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Transcript of Learning Disabilities
Erika Hansen & Ashley Vlasak
ED253: Introduction to Learning Disabilities
November 11, 2014
Federal Operational Definition
The student does not achieve at an appropriate age, grade or ability level in one or more specific areas; and
A severe discrepancy exists between achievement and intellectual ability in at least one of the following areas
A problem receiving and/or expressing information in academic tasks and skills. There is a significant difference between potential and achievement ability in one or more of the areas, memory, language, and perception. Individual usually has average to above average intelligence and does not include/is not motor, visual, hearing disability, emotional disturbance, mental retardation, environmental, cultural, and economic disadvantages.
Students with learning disabilities have average intelligence, but have problems in the following areas:
& RELATED ADHD RESEARCH
Students with learning disabilities may also struggle with Attention Deficit Hyperactivity Disorder (ADHD). Learning disabilities may be manifested with problems in attention and concentration.
Inability to sustain attention at an age appropriate level and the failure to modulate the arousal of impulses.
A.D.H.D.- Predominantly Inattentive
A.D.H.D.- Predominantly Hyperactive/Impulsive
Reticular Activating System (RAS)
Not enough Dopamine and Norepinephrine (neurotransmitters) gets delivered to the brain
Assessments: significant discrepancy
Evidence of Response to Scientific-Based Interventions
Pattern of Strengths and Weaknesses
-Gather data from a variety of sources
-Need both strengths and weaknesses in order to be diagnosed with LD
Evidence of disorder in basic psychological processes
Pattern of Strengths and Weaknesses
The Pre-Referral Process
General Education setting
Monitor all students
Response to Intervention (RTI):
Multi-tiered Support Systems (MTSS)
Tier 1: Universal prevention (80%)
Tier 2: Targeted intervention (15-20%)
Tier 3: Intensive intervention (5-10%)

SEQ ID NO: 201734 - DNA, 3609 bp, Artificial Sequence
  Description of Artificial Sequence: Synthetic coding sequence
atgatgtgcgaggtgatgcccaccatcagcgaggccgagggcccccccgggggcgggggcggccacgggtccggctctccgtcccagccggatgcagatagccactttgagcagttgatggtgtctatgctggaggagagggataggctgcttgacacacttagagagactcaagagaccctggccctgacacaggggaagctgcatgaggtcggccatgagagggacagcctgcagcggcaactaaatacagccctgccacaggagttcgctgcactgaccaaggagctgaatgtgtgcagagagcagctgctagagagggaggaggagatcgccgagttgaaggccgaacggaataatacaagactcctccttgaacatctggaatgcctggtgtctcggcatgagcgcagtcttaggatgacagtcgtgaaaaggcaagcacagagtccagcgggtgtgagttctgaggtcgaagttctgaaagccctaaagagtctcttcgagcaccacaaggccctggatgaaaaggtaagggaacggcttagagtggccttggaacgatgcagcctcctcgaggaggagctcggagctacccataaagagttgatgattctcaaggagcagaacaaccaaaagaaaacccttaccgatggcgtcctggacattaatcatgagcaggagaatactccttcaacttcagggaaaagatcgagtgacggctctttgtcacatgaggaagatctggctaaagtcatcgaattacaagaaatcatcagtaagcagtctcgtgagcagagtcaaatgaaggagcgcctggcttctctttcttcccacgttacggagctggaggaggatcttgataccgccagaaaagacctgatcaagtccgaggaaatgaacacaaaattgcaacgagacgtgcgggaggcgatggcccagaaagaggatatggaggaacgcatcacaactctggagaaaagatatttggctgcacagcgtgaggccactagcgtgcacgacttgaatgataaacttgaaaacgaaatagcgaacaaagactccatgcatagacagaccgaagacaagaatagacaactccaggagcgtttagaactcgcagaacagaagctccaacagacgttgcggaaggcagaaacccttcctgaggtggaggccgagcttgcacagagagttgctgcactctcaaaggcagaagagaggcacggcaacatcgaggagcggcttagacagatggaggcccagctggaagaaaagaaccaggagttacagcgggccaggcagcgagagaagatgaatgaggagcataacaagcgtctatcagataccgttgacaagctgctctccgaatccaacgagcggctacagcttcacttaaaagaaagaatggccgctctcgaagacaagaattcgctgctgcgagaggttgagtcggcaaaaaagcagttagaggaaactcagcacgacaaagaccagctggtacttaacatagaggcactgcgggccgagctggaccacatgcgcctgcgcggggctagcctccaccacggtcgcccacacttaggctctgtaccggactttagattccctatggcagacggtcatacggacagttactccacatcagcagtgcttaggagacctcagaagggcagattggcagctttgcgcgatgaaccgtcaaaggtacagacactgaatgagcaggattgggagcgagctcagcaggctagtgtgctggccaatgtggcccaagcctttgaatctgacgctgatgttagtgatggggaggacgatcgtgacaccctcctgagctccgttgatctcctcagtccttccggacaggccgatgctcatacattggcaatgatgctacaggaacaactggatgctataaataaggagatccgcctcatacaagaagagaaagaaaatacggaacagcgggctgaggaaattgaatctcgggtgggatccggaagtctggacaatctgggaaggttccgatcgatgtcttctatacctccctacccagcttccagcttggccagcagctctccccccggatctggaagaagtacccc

After Tier 3: If a student fails to respond, then further examination will occur by a child study team
Evaluated by Multidisciplinary Evaluation Team (MET)
Evaluate, test, & observe
Eligibility recommendation is needed for Special Education Services
Meeting is held at the end of the process, but prior to the IEPT to review results and determine eligibility
Parents must be informed and invited to the meeting
Whether student qualifies or not
: Special Education student in General Education setting all day
: special ed. provider works with general ed. teacher "behind the scenes"
: special ed. provider works directly with special ed. student in general ed. setting
Student with special ed. needs leaves general ed. classroom for a portion of the day in order to receive intensive instruction
Student with special ed. needs to be in a special ed. classroom for more than 50% and up to 100%
"Separate School" , students with severe disabilities who need intensive programming throughout the school day/week
Most restrictive setting
Receive services on a 24/7 basis
Definition of Learning Disabilities Under IDEA 2004
What is a learning disability?
"The term 'specific learning disability' means a disorder in one or more of the basic psychological processes involved in understanding or in using language, spoken or written, which disorder may manifest itself in the imperfect ability to listen, think, speak, read, write, spell, or do mathematical calculations."
"Such term includes such conditions as perceptual disabilities, brain injury, minimal brain dysfunction, dyslexia, and developmental aphasia."
"Such term does not include a learning problem that is primarily the result of visual, hearing, or motor disabilities, of mental retardation, of emotional disturbance, or environmental, cultural, or economic disadvantage."
Types of Perception
Problems with Perception
Cognitive strategies of learning
perception, memory, figureground, spatial
perception, memory, comprehension, figureground
listening, speaking, vocabulary
phonemic awareness, decoding, fluency, and comprehension
perception, memory, pre-numbered skills, calculation, reasoning, application
auditory/phonetic recognition, visual memory, word structures (syllables, affixes)
gross/fine motor skills, grip, posture, copying, formations, legibility, handwriting/spelling/writing for communication
perseveration, reversals, transpositions
establishing and maintaining relationships, "small talk", not knowing how to act, talk in social situations
Students may struggle with...
Weak attention and concentration
Has difficulty starting and staying on topic
Fails to attend to detail; forgetful
Blurts out responses
Poor at taking turns
Rushes through work
Doesn't pay attention to quality
Leaves seat frequently
Treatment Options for ADHD
Ritalin, Adderall, Concerta, Focalin, Vyvance
Psychostimulants lengthen attention spans, control impulsivity, decrease distractibility and motor activity, and improve visual-motor integration.
Counseling, cognitive behavior modification, relaxation techniques
Feingold: eliminate sugars, artificial flavors/colors, and preservatives
Learning disabilities can be manifested in many different ways.
As teachers, it is essential to keep in mind that our students will learn best in different ways. We must address a variety of needs, strengths, and preferences in the classroom.